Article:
Stand with women after disaster
As women around the world flee disasters, they are often left homeless and vulnerable.
After disaster, all forms of violence against women increase. Women experience higher death rates, are more impoverished, have less education, and are more likely to make sacrifices for their family like eating less food. They make impossible decisions – to flee their homes, to carry children on long journeys, to survive. They face the unimaginable, and yet they protect their families and keep communities alive.
Last year we helped thousands of women, supporting them to rebuild their homes and their lives.
Show that you stand with women this International Women’s Day by sharing this video.
Esther from Nigeria
When Esther was just 17 years old, Boko Haram attacked her village. They raped and murdered her mother, then they murdered her father and brothers.
Esther ran on foot and eventually reached Minawao camp in Cameroon.
Getting shelter helped Esther find the space and strength she needed to recover from her terrifying escape.
But Esther has done so much more than escape violence and survive. She has built a life for herself and her young family. She’s emerged from the horror of violence, taken courses and set up her own business as a seamstress.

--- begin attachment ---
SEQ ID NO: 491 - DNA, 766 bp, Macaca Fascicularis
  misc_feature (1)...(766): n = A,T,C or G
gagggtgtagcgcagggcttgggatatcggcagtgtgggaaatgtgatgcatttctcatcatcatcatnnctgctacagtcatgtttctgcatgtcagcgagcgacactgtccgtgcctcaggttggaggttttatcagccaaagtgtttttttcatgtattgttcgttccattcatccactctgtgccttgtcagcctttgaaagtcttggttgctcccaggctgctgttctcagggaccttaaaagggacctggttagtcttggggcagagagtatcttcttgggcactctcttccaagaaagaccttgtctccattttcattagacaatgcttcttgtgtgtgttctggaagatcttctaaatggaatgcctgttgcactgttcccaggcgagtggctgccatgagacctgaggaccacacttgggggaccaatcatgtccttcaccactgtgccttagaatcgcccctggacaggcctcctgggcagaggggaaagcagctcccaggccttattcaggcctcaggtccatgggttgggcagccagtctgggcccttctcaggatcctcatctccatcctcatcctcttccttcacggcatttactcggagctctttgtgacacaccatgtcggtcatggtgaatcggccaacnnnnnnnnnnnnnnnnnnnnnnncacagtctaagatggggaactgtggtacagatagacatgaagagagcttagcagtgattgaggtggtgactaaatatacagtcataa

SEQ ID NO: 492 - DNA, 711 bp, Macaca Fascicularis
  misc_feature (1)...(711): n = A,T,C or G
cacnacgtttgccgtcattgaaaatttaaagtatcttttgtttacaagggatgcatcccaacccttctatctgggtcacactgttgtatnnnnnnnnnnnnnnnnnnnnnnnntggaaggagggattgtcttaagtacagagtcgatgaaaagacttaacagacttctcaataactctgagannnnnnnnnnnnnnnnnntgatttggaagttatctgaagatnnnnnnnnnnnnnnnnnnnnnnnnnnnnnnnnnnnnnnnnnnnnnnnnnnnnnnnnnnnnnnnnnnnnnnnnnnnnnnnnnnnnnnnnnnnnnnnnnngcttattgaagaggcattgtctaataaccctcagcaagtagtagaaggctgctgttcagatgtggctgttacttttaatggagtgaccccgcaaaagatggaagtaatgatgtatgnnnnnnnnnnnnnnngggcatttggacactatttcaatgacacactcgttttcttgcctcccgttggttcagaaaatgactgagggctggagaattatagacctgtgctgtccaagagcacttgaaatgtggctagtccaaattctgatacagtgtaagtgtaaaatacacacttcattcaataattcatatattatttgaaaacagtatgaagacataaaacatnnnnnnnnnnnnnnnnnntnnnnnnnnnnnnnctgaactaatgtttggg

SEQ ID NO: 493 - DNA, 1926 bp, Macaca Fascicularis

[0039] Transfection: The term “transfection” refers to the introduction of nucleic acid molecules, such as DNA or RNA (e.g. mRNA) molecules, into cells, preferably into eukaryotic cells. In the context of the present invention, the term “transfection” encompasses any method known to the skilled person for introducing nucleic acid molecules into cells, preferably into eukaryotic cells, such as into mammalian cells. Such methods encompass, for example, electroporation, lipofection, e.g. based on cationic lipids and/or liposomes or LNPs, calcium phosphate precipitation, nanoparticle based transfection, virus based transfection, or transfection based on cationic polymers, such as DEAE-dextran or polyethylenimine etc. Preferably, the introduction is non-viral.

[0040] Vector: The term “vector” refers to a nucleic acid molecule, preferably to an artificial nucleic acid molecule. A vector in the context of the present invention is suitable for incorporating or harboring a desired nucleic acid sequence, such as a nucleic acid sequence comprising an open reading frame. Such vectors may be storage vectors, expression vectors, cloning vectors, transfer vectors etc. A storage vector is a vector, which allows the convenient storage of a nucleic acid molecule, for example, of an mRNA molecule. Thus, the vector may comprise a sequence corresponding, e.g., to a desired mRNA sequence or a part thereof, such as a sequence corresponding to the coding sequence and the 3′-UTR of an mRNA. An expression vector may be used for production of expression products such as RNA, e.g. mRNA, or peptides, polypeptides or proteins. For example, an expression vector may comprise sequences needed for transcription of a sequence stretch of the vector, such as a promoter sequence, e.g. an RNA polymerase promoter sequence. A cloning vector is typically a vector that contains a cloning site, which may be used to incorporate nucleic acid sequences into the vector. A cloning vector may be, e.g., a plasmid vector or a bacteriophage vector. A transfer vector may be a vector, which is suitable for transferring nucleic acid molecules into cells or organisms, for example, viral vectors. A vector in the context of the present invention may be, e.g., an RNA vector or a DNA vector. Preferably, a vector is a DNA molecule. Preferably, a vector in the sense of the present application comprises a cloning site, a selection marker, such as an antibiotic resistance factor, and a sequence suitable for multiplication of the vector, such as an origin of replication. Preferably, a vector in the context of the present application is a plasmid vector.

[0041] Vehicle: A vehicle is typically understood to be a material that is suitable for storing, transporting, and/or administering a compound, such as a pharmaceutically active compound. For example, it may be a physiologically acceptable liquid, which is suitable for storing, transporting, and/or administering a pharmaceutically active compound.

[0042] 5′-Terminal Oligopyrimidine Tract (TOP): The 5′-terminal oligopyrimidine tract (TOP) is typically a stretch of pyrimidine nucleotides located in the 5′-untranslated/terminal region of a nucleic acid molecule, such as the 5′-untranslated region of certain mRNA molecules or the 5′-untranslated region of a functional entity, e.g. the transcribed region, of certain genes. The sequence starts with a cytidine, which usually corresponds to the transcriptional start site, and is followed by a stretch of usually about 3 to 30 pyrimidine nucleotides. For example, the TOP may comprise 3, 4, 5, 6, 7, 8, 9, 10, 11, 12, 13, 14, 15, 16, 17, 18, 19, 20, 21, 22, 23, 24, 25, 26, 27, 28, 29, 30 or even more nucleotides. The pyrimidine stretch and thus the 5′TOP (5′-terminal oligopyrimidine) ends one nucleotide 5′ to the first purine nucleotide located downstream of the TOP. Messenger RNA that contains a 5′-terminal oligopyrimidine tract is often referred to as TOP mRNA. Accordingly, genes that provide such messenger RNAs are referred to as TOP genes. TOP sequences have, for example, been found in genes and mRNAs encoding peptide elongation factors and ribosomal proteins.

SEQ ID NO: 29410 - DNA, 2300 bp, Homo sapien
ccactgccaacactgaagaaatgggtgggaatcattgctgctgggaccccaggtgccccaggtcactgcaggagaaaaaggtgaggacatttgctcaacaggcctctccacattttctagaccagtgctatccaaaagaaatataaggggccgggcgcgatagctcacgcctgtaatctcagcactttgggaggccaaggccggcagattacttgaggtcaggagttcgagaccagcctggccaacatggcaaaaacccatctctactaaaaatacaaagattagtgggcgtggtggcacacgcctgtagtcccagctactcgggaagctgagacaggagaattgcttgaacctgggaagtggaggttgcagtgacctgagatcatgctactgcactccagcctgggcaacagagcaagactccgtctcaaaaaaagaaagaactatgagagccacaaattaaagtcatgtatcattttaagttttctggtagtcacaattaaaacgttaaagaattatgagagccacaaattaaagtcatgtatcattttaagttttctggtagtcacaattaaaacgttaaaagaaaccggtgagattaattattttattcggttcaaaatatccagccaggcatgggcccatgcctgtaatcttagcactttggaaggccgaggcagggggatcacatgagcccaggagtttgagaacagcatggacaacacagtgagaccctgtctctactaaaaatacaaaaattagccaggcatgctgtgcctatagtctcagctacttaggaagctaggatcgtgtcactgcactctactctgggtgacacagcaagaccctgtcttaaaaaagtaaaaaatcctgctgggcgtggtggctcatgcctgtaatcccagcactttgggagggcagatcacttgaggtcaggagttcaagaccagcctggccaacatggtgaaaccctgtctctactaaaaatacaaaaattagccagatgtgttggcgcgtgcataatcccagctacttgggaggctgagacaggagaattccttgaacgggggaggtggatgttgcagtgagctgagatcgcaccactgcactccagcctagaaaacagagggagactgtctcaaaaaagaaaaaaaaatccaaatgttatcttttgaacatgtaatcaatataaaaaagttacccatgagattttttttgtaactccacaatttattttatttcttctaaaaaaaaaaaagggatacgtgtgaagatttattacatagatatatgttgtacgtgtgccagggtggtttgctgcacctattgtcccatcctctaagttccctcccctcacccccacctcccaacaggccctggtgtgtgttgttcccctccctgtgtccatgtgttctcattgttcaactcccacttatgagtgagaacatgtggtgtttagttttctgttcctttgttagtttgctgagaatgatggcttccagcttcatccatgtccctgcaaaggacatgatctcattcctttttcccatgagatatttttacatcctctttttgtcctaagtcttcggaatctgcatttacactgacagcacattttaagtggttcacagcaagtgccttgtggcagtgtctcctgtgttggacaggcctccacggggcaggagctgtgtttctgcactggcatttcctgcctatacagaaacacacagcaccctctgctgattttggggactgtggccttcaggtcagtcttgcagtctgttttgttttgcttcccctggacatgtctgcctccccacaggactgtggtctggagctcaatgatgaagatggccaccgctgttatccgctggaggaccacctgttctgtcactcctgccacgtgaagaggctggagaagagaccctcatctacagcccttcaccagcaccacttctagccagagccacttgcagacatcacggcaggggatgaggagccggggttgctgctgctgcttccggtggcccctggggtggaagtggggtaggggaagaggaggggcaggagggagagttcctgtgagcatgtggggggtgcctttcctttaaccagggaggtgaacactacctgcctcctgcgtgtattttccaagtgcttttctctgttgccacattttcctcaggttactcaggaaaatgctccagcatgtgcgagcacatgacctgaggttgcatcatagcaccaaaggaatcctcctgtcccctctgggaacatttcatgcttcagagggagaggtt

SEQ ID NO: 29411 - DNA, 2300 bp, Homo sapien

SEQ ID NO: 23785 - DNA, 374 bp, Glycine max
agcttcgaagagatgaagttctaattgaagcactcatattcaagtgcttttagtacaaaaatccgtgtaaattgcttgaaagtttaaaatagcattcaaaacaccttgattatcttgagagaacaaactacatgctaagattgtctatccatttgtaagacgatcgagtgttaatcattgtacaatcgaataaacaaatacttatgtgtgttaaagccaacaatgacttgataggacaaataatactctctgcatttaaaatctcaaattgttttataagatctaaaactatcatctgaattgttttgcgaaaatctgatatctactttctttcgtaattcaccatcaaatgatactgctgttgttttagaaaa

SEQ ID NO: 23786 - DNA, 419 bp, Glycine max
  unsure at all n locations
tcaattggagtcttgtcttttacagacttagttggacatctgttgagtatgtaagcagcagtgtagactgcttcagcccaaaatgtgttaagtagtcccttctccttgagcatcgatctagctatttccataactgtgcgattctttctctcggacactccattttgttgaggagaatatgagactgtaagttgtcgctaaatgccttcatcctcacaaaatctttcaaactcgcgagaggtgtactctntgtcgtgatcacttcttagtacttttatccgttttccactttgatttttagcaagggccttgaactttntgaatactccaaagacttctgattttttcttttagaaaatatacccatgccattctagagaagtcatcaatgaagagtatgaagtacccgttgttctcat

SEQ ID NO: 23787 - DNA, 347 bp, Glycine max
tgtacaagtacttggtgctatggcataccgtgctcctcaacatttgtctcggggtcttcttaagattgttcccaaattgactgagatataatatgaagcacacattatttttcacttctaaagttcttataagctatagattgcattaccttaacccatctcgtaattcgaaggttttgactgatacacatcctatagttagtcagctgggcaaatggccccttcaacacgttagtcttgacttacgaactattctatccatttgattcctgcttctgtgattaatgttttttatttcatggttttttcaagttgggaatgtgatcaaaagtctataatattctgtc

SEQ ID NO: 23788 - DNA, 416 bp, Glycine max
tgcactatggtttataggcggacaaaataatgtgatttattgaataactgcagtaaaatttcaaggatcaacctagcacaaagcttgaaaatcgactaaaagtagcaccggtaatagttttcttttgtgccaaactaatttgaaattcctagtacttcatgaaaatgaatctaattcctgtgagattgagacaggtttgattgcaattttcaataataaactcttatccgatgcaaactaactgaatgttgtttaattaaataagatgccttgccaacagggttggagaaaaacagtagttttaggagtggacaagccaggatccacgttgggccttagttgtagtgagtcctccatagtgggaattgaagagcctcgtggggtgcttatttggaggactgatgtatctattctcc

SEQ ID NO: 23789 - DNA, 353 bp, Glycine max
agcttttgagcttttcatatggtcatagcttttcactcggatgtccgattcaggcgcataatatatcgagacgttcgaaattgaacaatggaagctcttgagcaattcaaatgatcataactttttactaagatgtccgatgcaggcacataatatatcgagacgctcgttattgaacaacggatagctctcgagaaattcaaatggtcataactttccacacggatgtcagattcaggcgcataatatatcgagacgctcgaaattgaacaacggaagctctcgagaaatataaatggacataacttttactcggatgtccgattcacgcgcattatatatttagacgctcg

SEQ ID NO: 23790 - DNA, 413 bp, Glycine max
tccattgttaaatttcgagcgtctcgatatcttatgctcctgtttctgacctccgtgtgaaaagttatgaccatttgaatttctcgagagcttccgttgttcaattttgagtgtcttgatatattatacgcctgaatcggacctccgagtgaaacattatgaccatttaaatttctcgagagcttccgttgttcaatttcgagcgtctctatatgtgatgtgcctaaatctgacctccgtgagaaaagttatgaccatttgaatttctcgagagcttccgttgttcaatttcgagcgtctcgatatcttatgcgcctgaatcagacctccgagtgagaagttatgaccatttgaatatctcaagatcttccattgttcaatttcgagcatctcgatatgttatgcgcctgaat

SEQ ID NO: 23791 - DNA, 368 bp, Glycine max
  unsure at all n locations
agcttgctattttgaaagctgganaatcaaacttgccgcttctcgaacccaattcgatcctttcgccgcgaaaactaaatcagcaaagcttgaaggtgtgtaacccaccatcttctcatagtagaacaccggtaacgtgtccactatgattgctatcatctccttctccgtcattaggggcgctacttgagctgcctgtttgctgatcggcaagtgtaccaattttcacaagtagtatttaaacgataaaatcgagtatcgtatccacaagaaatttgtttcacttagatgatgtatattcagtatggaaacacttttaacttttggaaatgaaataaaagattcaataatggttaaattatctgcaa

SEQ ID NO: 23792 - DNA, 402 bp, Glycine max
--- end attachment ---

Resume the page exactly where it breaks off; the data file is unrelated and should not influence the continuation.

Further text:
This once terrified and traumatised girl has emerged as a strong, independent woman with hopes for a successful future.
Umm from Syria
Umm was heavily pregnant when she was forced to flee. When her two children were injured in a bombing attack, she knew they couldn’t stay in their home any longer.
Despite being pregnant with twins, Umm was determined to get her children to the relative safety of a displacement camp.
‘I tell [my children] that life is beautiful, things will get better and we will be happy soon. I support them and try not to let them feel the suffering of displacement.’
Two weeks later, Umm gave birth to twin boys, Sattam and Abdul Karim.
In the face of extreme adversity, Umm protected her family and brought immense joy with the arrival of her babies.
Behula from Bangladesh
32-year-old Behula lives with her disabled husband and four children on an island in the Brahmaputra river. Their home is a 30-minute boat ride from the mainland.
When heavy rains damaged her home in 2019, Behula didn’t know how she was going to protect her family.
Then Behula received a shelter kit. And with the tools inside, she repaired her home.
‘I needed to fix the broken fences, flatten the ground, and continue living’, she said.
Whilst caring for her disabled husband and young children, Behula rebuilt her home and the threads of everyday life.